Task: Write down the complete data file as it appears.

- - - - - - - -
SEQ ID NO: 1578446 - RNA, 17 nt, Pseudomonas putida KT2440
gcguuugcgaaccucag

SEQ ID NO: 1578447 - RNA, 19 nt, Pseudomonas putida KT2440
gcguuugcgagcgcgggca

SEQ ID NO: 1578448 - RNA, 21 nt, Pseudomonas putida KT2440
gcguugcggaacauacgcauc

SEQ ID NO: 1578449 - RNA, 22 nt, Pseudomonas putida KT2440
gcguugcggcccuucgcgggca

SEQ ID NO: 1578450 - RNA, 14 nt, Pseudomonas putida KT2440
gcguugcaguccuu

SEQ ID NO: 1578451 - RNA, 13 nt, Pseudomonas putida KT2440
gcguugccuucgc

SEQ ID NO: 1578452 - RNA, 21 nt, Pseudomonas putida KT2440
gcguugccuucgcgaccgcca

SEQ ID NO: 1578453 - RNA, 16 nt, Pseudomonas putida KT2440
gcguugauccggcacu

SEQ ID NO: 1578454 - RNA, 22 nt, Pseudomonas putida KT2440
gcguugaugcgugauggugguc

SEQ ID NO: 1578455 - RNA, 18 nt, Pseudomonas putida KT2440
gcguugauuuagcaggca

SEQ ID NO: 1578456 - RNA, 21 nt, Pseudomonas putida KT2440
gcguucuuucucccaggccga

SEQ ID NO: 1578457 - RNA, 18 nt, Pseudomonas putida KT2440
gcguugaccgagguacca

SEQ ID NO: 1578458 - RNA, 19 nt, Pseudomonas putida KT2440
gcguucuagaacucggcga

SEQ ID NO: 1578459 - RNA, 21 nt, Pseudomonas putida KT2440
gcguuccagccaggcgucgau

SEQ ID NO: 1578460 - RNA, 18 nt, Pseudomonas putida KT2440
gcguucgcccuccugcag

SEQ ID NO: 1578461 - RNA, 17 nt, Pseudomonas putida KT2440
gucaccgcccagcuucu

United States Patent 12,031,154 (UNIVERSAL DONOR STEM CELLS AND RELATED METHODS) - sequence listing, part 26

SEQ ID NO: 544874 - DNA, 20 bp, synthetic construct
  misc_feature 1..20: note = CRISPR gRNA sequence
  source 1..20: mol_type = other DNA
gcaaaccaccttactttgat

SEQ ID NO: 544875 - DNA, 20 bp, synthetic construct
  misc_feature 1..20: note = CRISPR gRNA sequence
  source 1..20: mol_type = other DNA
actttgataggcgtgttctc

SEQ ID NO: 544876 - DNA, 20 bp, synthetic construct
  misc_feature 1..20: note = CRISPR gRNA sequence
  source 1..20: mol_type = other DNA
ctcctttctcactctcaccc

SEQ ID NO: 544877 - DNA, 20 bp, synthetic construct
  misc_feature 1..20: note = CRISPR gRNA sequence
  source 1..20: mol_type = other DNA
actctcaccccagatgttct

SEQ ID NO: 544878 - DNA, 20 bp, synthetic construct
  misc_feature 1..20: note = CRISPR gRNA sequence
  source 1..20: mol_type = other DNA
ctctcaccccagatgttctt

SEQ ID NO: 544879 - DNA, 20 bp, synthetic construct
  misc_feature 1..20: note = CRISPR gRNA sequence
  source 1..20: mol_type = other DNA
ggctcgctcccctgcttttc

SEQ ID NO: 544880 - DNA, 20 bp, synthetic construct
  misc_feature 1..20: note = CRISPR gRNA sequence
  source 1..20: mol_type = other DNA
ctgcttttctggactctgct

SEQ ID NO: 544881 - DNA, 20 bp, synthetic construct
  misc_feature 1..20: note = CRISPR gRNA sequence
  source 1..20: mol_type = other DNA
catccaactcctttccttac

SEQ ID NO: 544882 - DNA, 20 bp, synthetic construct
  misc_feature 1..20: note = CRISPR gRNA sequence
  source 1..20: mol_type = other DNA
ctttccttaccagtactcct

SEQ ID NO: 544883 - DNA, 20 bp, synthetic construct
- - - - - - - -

SEQ ID NO: 1578446 - RNA, 17 nt, Pseudomonas putida KT2440
gcguuugcgaaccucag

SEQ ID NO: 1578447 - RNA, 19 nt, Pseudomonas putida KT2440
gcguuugcgagcgcgggca

SEQ ID NO: 1578448 - RNA, 21 nt, Pseudomonas putida KT2440
gcguugcggaacauacgcauc

SEQ ID NO: 1578449 - RNA, 22 nt, Pseudomonas putida KT2440
gcguugcggcccuucgcgggca

SEQ ID NO: 1578450 - RNA, 14 nt, Pseudomonas putida KT2440
gcguugcaguccuu

SEQ ID NO: 1578451 - RNA, 13 nt, Pseudomonas putida KT2440
gcguugccuucgc

SEQ ID NO: 1578452 - RNA, 21 nt, Pseudomonas putida KT2440
gcguugccuucgcgaccgcca

SEQ ID NO: 1578453 - RNA, 16 nt, Pseudomonas putida KT2440
gcguugauccggcacu

SEQ ID NO: 1578454 - RNA, 22 nt, Pseudomonas putida KT2440
gcguugaugcgugauggugguc

SEQ ID NO: 1578455 - RNA, 18 nt, Pseudomonas putida KT2440
gcguugauuuagcaggca

SEQ ID NO: 1578456 - RNA, 21 nt, Pseudomonas putida KT2440
gcguucuuucucccaggccga

SEQ ID NO: 1578457 - RNA, 18 nt, Pseudomonas putida KT2440
gcguugaccgagguacca

SEQ ID NO: 1578458 - RNA, 19 nt, Pseudomonas putida KT2440
gcguucuagaacucggcga

SEQ ID NO: 1578459 - RNA, 21 nt, Pseudomonas putida KT2440
gcguuccagccaggcgucgau

SEQ ID NO: 1578460 - RNA, 18 nt, Pseudomonas putida KT2440
gcguucgcccuccugcag

SEQ ID NO: 1578461 - RNA, 17 nt, Pseudomonas putida KT2440
gucaccgcccagcuucu

United States Patent 12,031,154 (UNIVERSAL DONOR STEM CELLS AND RELATED METHODS) - sequence listing, part 26

SEQ ID NO: 544874 - DNA, 20 bp, synthetic construct
  misc_feature 1..20: note = CRISPR gRNA sequence
  source 1..20: mol_type = other DNA
gcaaaccaccttactttgat

SEQ ID NO: 544875 - DNA, 20 bp, synthetic construct
  misc_feature 1..20: note = CRISPR gRNA sequence
  source 1..20: mol_type = other DNA
actttgataggcgtgttctc

SEQ ID NO: 544876 - DNA, 20 bp, synthetic construct
  misc_feature 1..20: note = CRISPR gRNA sequence
  source 1..20: mol_type = other DNA
ctcctttctcactctcaccc

SEQ ID NO: 544877 - DNA, 20 bp, synthetic construct
  misc_feature 1..20: note = CRISPR gRNA sequence
  source 1..20: mol_type = other DNA
actctcaccccagatgttct

SEQ ID NO: 544878 - DNA, 20 bp, synthetic construct
  misc_feature 1..20: note = CRISPR gRNA sequence
  source 1..20: mol_type = other DNA
ctctcaccccagatgttctt

SEQ ID NO: 544879 - DNA, 20 bp, synthetic construct
  misc_feature 1..20: note = CRISPR gRNA sequence
  source 1..20: mol_type = other DNA
ggctcgctcccctgcttttc

SEQ ID NO: 544880 - DNA, 20 bp, synthetic construct
  misc_feature 1..20: note = CRISPR gRNA sequence
  source 1..20: mol_type = other DNA
ctgcttttctggactctgct

SEQ ID NO: 544881 - DNA, 20 bp, synthetic construct
  misc_feature 1..20: note = CRISPR gRNA sequence
  source 1..20: mol_type = other DNA
catccaactcctttccttac

SEQ ID NO: 544882 - DNA, 20 bp, synthetic construct
  misc_feature 1..20: note = CRISPR gRNA sequence
  source 1..20: mol_type = other DNA
ctttccttaccagtactcct

SEQ ID NO: 544883 - DNA, 20 bp, synthetic construct